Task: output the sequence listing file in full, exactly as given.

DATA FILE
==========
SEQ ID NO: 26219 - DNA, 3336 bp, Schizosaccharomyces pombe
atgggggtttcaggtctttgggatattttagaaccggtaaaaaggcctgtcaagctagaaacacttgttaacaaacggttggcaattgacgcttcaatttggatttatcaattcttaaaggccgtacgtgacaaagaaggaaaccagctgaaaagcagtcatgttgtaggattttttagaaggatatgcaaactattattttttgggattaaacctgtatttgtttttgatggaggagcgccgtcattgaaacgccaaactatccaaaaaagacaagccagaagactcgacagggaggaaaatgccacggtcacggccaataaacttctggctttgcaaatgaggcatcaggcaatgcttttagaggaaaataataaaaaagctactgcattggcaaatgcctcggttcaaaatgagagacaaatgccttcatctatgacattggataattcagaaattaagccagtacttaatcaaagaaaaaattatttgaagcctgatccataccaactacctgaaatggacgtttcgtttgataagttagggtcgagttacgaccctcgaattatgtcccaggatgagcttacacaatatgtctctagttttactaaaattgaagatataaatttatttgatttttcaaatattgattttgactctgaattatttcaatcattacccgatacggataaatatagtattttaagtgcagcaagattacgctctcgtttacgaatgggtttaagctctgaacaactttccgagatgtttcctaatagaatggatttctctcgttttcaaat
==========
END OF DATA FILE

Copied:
SEQ ID NO: 26219 - DNA, 3336 bp, Schizosaccharomyces pombe
atgggggtttcaggtctttgggatattttagaaccggtaaaaaggcctgtcaagctagaaacacttgttaacaaacggttggcaattgacgcttcaatttggatttatcaattcttaaaggccgtacgtgacaaagaaggaaaccagctgaaaagcagtcatgttgtaggattttttagaaggatatgcaaactattattttttgggattaaacctgtatttgtttttgatggaggagcgccgtcattgaaacgccaaactatccaaaaaagacaagccagaagactcgacagggaggaaaatgccacggtcacggccaataaacttctggctttgcaaatgaggcatcaggcaatgcttttagaggaaaataataaaaaagctactgcattggcaaatgcctcggttcaaaatgagagacaaatgccttcatctatgacattggataattcagaaattaagccagtacttaatcaaagaaaaaattatttgaagcctgatccataccaactacctgaaatggacgtttcgtttgataagttagggtcgagttacgaccctcgaattatgtcccaggatgagcttacacaatatgtctctagttttactaaaattgaagatataaatttatttgatttttcaaatattgattttgactctgaattatttcaatcattacccgatacggataaatatagtattttaagtgcagcaagattacgctctcgtttacgaatgggtttaagctctgaacaactttccgagatgtttcctaatagaatggatttctctcgttttcaaat